On Its 50th Anniversary, Special Olympics Returns to Chicago Roots
The 50th anniversary of the Special Olympics returns to where it all started—Chicago.
To commemorate the 50th anniversary of the Special Olympics, which highlights the exceptional talents of individuals with intellectual disabilities, Chicago will host a series of events and honors from July 17 to July 21 including the lighting of the Eternal Flame of Hope Monument, first-ever Special Olympics Unified Cup presented by Toyota, and the Global Day of Inclusion & Concert.
Athletes with and without intellectual disabilities from around the globe will compete at Toyota Park in Chicago during the Special Olympics Unified Cup. A total of 24 teams, male and female, with athletes from countries like Kenya, China, Korea, Mexico and Uruguay and more, will compete in the football (soccer) tournament.
This year, ESPN will broadcast final matches live on ESPN2. The tournament is a step toward more unified competitions, said Dave Breen, President and CEO of Special Olympics Illinois, adding that this year’s competitions and festivities give Illinois and Chicago a chance to show off their cultural and social highlights.
“We’re trying to create a world of inclusion and acceptance,” Breen said. “We’re really excited about showing the abilities of these athletes coming together with athletes without disabilities to play. It truly is like our World Cup.”
Runners with and without intellectual disabilities will carry the Flame of Hope torch during the four-mile LETR Commemorative Run in downtown Chicago on July 20. The commemorative torch run, led by law enforcement officers and Special Olympic athletes, will conclude with the ceremonial lighting of the Eternal Flame of Hope Monument, a 30-foot monument honoring the Special Olympics designed by Chicago-born artist Richard Hunt.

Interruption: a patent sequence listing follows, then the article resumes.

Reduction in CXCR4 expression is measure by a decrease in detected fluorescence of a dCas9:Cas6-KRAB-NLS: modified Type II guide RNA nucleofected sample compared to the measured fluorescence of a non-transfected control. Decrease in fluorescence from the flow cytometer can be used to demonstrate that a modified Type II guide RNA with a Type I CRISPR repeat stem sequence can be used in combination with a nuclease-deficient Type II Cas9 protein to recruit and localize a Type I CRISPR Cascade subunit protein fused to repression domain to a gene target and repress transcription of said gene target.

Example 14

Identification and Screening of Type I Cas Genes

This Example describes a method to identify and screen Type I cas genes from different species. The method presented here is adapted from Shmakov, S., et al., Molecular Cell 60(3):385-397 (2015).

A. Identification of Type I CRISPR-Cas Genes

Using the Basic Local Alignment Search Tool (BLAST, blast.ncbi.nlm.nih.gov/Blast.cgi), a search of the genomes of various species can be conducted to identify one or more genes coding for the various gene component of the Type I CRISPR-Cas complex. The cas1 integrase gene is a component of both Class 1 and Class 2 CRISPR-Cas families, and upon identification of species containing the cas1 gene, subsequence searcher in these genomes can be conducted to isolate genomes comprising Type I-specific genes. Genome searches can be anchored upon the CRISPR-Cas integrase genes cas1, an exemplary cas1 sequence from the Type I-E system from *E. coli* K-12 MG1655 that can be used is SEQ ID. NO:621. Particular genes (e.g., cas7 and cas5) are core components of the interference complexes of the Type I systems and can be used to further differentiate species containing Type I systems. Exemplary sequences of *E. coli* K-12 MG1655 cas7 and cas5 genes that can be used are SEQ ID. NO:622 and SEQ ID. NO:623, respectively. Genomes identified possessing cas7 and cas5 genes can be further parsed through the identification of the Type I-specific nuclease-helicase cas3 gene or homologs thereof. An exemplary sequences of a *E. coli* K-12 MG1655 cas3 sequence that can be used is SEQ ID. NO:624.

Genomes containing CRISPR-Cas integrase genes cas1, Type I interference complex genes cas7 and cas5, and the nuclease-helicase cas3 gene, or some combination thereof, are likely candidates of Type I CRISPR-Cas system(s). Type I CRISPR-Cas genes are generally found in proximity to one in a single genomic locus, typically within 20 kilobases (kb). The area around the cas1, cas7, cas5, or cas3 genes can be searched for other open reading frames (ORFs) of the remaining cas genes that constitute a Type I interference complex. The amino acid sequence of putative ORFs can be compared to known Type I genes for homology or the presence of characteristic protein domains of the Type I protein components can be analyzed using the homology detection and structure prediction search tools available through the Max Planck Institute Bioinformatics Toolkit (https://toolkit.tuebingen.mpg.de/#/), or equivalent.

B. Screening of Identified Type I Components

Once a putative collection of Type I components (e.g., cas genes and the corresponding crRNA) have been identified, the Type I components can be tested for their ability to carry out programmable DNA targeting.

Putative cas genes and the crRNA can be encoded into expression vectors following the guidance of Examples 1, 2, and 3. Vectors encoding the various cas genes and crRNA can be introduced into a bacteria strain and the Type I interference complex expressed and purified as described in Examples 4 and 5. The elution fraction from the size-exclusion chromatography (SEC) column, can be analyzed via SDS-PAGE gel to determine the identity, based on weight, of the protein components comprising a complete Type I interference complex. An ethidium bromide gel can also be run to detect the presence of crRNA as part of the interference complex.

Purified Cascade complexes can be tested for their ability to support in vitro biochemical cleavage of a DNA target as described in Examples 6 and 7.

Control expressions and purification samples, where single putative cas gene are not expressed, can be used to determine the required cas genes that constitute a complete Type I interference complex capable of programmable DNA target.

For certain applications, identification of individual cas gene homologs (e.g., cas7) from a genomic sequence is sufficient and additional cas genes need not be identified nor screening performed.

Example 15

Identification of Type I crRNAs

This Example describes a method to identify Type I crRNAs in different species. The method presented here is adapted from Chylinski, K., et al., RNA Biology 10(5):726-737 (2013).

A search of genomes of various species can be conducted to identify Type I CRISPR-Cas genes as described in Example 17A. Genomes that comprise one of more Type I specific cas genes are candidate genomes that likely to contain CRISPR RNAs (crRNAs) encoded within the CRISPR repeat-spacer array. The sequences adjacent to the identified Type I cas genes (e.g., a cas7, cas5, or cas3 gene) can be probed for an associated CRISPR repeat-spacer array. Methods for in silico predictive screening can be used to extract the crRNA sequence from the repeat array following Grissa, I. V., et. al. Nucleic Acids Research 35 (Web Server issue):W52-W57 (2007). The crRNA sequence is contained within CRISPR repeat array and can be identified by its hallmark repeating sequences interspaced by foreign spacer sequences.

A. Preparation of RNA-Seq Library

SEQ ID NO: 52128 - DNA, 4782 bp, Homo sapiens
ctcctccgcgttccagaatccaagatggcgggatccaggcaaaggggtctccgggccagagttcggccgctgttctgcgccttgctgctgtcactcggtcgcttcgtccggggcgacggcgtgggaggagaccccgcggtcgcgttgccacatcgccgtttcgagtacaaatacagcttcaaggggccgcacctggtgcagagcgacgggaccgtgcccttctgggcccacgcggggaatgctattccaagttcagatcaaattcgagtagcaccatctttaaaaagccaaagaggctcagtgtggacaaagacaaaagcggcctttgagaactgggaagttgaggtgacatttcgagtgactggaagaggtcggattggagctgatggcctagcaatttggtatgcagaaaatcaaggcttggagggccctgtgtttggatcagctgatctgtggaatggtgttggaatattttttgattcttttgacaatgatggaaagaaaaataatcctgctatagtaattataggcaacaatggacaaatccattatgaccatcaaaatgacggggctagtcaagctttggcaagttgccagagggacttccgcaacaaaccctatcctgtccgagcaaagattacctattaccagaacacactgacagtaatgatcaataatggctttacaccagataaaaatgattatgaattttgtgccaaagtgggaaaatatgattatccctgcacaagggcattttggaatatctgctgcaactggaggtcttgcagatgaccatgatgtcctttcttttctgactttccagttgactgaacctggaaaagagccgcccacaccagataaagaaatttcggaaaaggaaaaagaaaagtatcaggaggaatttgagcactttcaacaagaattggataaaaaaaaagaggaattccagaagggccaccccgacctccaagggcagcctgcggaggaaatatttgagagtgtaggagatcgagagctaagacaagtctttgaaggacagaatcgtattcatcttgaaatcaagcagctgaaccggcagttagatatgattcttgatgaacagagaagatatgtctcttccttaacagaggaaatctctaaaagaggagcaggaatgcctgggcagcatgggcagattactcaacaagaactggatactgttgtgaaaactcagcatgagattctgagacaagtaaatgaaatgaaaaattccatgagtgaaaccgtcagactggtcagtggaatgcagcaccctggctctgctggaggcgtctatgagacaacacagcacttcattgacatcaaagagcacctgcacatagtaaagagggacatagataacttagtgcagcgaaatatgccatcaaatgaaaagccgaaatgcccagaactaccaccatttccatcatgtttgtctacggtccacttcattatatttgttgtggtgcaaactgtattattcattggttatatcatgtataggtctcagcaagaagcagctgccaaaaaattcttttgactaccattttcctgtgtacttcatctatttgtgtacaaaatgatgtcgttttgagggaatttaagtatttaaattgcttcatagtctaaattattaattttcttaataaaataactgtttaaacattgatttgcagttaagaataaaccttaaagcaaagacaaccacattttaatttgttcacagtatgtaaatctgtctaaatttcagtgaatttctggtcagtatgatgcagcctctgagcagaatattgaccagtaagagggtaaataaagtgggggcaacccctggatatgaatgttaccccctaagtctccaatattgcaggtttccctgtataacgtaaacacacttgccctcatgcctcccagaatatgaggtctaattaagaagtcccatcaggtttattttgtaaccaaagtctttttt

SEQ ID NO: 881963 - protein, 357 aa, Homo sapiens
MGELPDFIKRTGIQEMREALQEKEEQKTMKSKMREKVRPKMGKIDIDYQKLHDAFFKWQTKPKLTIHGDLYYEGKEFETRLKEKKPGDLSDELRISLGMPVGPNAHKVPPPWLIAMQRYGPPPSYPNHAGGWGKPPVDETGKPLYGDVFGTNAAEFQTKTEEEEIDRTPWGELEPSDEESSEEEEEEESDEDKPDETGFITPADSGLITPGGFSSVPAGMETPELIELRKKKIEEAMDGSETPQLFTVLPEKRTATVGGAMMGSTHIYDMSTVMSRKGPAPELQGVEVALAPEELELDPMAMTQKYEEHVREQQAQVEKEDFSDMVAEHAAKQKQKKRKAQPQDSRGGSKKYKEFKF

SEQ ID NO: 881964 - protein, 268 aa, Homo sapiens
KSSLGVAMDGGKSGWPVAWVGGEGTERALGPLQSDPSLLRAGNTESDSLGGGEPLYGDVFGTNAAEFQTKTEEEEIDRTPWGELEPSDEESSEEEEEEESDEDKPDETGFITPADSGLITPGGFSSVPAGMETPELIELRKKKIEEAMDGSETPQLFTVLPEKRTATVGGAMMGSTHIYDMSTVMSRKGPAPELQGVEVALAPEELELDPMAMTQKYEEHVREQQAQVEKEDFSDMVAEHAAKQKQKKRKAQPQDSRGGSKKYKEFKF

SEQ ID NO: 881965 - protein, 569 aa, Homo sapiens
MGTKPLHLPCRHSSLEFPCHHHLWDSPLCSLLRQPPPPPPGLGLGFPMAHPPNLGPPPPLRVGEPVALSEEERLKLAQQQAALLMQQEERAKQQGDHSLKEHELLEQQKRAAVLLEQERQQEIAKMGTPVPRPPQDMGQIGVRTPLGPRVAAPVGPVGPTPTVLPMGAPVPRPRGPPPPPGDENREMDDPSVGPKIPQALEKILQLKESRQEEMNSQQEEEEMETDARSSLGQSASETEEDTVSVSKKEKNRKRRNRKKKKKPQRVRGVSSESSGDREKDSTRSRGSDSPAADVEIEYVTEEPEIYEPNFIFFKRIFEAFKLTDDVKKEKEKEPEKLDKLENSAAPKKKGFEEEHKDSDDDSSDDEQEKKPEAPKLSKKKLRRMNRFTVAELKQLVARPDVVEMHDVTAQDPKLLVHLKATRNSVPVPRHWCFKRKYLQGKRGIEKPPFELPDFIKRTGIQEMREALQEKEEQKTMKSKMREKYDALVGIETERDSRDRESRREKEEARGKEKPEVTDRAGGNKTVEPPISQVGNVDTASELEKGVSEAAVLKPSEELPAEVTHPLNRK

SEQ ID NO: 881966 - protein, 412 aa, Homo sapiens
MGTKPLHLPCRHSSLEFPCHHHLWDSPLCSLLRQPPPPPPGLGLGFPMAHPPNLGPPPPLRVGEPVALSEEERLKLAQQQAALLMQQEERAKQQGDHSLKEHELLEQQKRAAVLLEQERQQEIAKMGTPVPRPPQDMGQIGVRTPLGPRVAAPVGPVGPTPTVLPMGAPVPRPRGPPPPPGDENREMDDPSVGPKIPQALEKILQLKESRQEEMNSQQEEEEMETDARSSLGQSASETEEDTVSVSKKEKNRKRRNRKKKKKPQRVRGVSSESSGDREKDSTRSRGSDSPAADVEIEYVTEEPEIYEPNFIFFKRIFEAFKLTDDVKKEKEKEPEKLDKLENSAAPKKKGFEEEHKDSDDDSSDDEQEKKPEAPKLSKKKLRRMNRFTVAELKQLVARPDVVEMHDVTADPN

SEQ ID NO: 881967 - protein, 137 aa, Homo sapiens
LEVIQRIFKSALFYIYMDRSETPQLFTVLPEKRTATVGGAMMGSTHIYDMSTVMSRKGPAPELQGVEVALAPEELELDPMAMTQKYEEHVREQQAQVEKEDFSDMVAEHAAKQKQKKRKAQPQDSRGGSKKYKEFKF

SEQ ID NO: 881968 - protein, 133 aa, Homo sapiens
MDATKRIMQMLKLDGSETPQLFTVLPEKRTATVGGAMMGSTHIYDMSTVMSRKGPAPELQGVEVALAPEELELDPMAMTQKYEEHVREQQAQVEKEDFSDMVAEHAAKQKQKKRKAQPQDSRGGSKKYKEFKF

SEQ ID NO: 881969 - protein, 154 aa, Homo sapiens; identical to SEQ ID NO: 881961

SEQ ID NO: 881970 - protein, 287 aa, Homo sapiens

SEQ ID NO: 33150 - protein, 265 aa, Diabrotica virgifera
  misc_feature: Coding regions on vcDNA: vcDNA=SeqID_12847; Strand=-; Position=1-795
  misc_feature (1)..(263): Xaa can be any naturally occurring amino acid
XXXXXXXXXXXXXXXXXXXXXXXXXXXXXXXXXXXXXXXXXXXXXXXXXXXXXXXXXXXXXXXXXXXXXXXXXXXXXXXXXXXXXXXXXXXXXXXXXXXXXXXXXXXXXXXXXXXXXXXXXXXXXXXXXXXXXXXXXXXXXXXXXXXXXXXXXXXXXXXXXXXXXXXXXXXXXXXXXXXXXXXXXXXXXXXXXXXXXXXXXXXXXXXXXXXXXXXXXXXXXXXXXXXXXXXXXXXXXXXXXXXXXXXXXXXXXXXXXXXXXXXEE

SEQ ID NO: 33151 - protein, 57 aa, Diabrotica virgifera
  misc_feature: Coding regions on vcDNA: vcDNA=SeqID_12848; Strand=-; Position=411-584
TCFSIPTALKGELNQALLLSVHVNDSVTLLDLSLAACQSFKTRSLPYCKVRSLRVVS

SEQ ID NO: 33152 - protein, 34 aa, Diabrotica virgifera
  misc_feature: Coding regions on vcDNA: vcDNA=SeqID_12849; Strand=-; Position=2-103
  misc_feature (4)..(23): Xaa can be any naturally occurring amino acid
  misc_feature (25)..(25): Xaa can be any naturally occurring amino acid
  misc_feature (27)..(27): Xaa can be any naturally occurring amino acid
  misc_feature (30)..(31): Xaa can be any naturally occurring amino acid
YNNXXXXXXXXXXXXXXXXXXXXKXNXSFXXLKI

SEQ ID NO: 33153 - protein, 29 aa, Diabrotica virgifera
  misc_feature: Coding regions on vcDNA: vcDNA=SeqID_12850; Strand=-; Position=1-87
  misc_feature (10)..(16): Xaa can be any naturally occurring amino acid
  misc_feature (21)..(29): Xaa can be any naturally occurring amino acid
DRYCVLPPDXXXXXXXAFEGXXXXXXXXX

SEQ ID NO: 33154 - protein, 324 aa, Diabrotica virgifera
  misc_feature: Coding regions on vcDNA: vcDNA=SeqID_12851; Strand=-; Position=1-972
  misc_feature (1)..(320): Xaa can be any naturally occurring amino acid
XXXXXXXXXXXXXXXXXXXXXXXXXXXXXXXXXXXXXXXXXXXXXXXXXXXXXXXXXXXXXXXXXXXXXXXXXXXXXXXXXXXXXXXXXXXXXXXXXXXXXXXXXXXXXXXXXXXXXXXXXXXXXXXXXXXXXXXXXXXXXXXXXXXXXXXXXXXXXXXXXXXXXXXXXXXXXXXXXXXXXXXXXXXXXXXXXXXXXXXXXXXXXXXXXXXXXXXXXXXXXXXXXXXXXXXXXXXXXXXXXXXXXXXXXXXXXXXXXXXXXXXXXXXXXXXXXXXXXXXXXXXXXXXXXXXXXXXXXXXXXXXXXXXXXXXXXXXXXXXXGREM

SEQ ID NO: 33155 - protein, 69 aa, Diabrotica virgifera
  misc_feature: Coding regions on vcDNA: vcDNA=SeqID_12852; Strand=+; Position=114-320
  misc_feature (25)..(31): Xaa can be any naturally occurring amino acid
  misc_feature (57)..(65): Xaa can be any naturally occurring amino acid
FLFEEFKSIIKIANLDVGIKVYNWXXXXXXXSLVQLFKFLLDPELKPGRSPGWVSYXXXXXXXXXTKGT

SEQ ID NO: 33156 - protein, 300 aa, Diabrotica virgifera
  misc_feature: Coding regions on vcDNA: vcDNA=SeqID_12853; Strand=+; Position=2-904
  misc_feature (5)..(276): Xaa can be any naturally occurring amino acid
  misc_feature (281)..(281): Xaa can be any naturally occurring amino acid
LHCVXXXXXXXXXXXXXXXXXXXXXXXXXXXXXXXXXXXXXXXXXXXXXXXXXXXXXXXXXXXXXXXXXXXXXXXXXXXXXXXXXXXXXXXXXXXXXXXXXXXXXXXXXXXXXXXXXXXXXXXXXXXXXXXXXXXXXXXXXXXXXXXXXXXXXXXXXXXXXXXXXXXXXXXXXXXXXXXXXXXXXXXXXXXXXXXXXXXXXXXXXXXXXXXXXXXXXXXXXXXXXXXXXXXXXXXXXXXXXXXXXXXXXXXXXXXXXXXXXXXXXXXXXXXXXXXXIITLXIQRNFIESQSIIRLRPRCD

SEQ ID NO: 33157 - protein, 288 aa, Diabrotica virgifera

“There are 110,000 [Special Olympics] competitions that go on around the world on an annual basis, so it never stops. It never sleeps. The eternal flame symbolizes that,” Breen said. “The courage, the dedication, and the sportsmanship of the athletes—that’s always burning inside of them.”
The first Special Olympics took place at Soldier Field in 1968, a pivotal year in American history. This year at Soldier Field, Special Olympics athletes, along with their friends and families, will celebrate the Global Day of Inclusion & Concert, which calls upon cities to become more inclusive.
“We’re hoping that people will come out during the week and the weekend and get involved with some remarkable individuals that will really impact their lives [in] the future,” Breen said.
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